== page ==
Column by Vanessa Shields

I know there are many of us who are writers and parents. This is a wild duality to live. My intention with this column is to write about the challenges of being a parent and a writer. I aim to share stories that reflect both the difficult and the extraordinary experiences of striving to balance the creative and the caregiving mind, body and spirit. Find an archive of the Writing Parent columns here.

My son’s been doing this really cool thing with me lately. He’s gonna be twelve (ugh, I just threw up in my mouth a little) in May (I’m gonna be forty. Ooooof. More puke.), and he loves to read and write and research anything that has to do with film. The proverbial apple doesn’t fall far from the tree – his father is a filmmaker, and I’ve spent the last twenty years dabbling in producing. In any case, he loves storytelling. We don’t just watch films or shows, we assess them and judge them and discuss them. It’s really something I cherish about our relationship. His love for books is much the same. But he doesn’t just read books, he devours them, and often suggests books for me to read. Case in point, for Christmas, he got me the book ‘Ready Player One’ by Ernest Cline and insisted that I read it – stat. Which I did. I finished it in about four days, and every time he saw me with the book he’d ask where I was in the story and we’d talk about it.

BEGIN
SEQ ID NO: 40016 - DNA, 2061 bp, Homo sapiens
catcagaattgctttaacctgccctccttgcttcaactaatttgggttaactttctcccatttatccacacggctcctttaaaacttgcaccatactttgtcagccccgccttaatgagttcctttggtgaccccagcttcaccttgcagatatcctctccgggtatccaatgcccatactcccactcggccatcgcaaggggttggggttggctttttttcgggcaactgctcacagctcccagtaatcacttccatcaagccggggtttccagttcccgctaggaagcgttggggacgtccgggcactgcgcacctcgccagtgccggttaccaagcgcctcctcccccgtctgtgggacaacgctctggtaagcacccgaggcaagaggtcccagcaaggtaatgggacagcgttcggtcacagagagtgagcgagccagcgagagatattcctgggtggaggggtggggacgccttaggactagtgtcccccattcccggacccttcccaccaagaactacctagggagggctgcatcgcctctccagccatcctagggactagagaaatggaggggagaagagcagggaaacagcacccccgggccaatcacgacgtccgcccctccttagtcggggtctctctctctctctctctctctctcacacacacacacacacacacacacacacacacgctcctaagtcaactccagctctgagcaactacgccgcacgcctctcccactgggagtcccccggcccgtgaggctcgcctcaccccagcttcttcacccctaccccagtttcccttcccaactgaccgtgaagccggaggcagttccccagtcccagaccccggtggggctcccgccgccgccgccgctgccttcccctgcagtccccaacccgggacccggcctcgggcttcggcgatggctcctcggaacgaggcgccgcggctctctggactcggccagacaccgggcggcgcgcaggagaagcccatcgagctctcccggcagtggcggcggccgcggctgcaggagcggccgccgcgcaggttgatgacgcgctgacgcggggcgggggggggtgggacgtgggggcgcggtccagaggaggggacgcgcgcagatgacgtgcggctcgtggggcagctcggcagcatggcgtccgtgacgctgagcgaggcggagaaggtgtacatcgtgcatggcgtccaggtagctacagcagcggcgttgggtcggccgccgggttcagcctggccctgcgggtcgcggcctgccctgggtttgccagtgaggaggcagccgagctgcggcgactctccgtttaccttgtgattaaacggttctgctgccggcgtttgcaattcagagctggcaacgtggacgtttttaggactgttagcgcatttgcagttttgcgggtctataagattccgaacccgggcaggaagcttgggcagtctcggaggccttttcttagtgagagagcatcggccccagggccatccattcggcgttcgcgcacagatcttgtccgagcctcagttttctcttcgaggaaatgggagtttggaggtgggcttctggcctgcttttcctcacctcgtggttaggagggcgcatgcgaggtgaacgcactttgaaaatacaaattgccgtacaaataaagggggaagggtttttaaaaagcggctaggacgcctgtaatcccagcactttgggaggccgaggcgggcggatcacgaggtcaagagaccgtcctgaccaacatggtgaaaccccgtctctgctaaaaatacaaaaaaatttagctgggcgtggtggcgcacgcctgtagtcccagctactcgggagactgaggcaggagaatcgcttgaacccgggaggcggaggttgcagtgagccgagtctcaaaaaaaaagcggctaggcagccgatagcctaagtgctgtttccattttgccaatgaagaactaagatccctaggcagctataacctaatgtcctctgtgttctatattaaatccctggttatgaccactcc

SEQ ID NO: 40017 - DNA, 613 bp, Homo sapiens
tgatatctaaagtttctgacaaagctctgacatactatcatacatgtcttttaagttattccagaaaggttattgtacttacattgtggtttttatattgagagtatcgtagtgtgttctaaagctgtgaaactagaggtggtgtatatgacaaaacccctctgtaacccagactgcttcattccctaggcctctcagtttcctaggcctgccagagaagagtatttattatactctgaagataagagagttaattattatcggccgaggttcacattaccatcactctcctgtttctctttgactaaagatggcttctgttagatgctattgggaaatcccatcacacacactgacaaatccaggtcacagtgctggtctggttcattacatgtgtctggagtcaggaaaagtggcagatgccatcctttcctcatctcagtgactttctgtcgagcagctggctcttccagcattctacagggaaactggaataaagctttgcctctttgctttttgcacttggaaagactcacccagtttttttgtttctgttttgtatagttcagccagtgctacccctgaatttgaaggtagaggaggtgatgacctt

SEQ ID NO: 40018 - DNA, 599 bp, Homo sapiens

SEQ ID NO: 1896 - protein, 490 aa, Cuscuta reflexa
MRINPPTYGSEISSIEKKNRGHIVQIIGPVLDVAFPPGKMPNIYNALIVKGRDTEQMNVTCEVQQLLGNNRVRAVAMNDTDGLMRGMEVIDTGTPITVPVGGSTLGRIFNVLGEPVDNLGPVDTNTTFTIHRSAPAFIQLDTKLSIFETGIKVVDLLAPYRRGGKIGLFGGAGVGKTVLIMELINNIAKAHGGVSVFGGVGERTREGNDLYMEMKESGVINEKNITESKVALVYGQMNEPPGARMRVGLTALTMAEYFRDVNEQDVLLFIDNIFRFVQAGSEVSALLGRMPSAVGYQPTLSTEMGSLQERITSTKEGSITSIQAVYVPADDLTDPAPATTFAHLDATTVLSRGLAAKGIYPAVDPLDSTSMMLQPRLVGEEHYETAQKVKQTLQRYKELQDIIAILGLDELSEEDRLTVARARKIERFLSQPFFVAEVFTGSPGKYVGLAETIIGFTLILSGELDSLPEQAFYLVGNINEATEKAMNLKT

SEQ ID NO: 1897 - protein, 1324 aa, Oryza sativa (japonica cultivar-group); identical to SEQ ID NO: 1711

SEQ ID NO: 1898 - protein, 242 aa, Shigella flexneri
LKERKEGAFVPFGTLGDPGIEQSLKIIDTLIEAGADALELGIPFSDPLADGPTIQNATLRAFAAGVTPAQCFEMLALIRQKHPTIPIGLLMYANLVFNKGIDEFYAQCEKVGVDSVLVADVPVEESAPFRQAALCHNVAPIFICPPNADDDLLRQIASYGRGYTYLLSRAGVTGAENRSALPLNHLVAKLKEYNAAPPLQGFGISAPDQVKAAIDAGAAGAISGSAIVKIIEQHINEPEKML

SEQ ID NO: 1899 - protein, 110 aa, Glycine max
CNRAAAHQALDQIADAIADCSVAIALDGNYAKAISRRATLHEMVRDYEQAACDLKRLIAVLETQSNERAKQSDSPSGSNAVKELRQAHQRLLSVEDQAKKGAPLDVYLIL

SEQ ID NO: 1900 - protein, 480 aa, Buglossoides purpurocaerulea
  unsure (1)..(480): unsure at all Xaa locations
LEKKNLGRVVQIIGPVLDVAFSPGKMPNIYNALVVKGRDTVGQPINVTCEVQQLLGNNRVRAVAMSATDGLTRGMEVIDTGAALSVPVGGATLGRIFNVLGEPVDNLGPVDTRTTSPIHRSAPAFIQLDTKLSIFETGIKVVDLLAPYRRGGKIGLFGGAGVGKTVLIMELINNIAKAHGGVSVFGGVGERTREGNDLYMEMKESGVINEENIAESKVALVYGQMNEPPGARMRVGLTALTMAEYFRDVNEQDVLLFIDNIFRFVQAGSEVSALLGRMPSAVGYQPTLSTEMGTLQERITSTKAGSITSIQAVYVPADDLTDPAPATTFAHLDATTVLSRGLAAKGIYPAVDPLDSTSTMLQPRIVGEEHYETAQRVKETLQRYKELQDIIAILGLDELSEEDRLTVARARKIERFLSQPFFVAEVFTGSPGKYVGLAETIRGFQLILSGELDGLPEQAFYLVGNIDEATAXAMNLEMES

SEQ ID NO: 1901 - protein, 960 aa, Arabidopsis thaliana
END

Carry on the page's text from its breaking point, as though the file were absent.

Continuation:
My daughter, she’ll be ten this year (oooo, still more heat in my throat!), she also loves to read. But she loves to write too! She’s always making lists and charts, and her sense of humour melts into everything she does creatively. Give her a glue stick and some sparkles, a pen and some paper and she apt to create a masterpiece. We enjoy reading together.

I gifted the family a book this Christmas. Oliver Jeffers’ newest book Here We Are – Notes for Living on Planet Earth. We sat on the sofa together and I read it out loud. Well, I couldn’t get through it without crying, so my daughter finished it up for me. We love reading out loud to each other. Yes, I typically get emotional, especially with children’s literature. There are so many stunning books out there!


But, for the past few weeks, my son has been challenging me not as a film watcher or reader, but as a writer. He’s been finding writing prompts on Pinterest and sharing them with me. I’ll hear a yelp of excitement, and he’ll say, “Mom! Mom! You have to hear this prompt!”

So I asked him to give me three of his favourite writing prompts:

Found on Pinterest – username: Writing.prompt.s


A: You adopt four teenage girls. As time passes, you begin to realize each of them represents a horseman of the apocalypse, and all hell breaks loose when Famine steals War’s boyfriend. 


B: Every time someone’s heart breaks it shows a crack in the ground. It could be as large as valleys or as small as a crack in the pavement. Tell me the story of the Grand Canyon.


This one, though, he made up himself:


  1. Every time someone says ‘God save the Queen’, she gains an extra year of life. Too bad she doesn’t want to live that long.


I asked him if it was okay that I shared this interaction we’ve been having in a blog. He said sure, as long as I actually wrote a story from one of the writing prompts. The thought made me feel warm inside. I haven’t used writing prompts for stories or poetry in a long time, maybe in a workshop or class, but not for my own writing as an exercise. The thought makes me feel invigorated and loose – like, it’s nice to not have to come up with an idea myself.